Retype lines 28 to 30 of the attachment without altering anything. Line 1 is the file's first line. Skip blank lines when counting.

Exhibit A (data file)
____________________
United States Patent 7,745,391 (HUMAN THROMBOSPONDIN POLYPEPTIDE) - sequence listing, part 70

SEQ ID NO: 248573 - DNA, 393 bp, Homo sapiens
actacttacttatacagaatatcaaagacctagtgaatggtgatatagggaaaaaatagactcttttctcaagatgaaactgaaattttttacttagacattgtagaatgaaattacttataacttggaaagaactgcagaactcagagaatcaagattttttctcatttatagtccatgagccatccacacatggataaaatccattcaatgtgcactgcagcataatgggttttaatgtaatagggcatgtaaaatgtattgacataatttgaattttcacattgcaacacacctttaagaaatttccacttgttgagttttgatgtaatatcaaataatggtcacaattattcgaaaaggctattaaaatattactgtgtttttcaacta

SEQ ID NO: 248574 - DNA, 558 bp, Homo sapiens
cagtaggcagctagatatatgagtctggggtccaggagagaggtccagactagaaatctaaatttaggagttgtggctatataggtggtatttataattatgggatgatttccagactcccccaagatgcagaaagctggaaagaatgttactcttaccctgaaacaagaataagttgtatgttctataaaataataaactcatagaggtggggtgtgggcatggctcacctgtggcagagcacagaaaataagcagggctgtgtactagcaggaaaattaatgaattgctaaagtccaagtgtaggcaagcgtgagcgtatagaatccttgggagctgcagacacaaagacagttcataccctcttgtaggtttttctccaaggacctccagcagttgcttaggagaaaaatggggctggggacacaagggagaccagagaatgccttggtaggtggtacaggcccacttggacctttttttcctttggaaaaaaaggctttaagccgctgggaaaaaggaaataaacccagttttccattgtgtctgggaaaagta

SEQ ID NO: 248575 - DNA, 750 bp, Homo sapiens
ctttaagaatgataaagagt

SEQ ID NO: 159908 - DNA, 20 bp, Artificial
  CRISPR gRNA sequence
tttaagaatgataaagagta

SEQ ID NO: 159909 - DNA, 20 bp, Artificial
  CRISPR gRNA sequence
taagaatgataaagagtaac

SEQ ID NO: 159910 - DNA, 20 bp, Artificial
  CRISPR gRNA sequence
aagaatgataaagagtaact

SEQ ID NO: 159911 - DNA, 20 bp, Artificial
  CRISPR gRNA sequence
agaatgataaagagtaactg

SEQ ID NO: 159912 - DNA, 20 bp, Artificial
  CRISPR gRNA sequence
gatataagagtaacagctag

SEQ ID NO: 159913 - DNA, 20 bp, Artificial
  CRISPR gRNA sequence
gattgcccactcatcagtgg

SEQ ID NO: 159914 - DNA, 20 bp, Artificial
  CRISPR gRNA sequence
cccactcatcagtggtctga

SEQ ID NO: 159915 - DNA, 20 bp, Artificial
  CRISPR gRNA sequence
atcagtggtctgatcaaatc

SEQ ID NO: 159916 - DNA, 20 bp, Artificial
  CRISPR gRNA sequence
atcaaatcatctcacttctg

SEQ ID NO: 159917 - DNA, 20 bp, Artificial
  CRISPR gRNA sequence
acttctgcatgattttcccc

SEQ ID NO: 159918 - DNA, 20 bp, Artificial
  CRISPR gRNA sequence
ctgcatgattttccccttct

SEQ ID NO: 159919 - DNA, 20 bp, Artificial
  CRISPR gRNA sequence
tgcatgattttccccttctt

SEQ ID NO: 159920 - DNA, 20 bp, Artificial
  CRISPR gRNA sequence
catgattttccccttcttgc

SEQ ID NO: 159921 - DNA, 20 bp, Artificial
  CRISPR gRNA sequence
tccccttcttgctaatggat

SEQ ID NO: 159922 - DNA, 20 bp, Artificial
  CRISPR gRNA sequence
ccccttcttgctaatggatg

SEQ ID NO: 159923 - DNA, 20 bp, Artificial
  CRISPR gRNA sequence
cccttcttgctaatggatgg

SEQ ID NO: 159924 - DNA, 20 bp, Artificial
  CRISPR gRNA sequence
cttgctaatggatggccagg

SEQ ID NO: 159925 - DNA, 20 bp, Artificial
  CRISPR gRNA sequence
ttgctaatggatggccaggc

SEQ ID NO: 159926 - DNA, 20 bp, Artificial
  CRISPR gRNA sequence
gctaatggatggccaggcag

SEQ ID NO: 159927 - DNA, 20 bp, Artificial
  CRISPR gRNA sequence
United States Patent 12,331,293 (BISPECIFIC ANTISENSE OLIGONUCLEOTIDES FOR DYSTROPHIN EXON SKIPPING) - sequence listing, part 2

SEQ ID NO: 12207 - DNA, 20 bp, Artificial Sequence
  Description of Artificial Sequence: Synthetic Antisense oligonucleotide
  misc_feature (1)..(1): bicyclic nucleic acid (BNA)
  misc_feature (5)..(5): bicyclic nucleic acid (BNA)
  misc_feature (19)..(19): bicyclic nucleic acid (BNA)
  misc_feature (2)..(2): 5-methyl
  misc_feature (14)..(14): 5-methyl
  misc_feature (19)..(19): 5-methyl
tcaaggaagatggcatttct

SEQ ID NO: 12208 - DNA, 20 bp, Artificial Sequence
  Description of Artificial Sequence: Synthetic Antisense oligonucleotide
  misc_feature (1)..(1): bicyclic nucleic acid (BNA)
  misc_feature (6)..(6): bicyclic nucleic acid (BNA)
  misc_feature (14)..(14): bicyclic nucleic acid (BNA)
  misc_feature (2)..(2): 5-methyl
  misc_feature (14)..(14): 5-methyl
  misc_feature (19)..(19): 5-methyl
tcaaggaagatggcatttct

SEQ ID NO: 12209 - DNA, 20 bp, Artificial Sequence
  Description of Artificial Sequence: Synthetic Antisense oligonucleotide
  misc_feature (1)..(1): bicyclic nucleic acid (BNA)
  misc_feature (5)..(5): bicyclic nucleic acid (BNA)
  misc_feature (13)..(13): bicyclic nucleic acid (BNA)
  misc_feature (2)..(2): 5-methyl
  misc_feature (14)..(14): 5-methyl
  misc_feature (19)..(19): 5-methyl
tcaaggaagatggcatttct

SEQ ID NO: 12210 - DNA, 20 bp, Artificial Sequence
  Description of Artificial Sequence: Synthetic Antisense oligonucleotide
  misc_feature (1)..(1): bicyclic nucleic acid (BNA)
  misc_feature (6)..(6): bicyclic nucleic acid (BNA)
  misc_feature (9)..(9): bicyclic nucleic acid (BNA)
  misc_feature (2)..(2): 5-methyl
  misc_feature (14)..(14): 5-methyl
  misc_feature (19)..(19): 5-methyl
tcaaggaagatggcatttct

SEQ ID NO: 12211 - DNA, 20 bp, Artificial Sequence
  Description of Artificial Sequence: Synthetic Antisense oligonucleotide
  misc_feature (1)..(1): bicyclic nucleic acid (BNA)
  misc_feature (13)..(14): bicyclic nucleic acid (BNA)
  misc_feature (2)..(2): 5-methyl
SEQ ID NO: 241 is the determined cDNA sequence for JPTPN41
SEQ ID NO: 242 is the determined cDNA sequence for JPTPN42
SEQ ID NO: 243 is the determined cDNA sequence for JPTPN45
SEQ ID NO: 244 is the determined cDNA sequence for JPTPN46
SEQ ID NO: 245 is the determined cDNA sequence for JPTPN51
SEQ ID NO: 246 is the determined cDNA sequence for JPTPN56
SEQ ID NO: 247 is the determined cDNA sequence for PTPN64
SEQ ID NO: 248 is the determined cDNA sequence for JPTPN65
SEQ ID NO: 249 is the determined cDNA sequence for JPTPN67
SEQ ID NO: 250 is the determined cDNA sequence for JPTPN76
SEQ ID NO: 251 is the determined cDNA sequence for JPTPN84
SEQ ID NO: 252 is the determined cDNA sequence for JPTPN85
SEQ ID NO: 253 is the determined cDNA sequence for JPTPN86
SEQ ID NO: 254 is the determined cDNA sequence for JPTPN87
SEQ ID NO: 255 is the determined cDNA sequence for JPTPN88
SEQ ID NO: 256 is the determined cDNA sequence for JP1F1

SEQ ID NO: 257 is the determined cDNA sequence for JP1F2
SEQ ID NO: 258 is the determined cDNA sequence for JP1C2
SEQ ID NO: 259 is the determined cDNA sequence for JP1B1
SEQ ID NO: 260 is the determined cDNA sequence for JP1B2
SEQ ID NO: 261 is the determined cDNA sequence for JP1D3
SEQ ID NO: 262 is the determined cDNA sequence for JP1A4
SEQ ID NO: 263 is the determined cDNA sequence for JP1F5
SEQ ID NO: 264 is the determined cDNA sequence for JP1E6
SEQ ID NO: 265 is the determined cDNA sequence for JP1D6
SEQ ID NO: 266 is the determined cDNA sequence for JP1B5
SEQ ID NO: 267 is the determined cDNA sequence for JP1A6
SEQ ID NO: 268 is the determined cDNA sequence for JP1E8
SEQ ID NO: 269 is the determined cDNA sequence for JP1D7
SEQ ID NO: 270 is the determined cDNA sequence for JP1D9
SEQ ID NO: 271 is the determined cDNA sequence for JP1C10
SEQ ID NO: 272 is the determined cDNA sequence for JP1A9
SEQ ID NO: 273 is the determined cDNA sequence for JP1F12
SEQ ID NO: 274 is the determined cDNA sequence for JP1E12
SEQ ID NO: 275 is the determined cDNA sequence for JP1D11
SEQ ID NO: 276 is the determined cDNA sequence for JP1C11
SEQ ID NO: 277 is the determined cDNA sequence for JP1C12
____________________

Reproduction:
cccactcatcagtggtctga

SEQ ID NO: 159915 - DNA, 20 bp, Artificial
  CRISPR gRNA sequence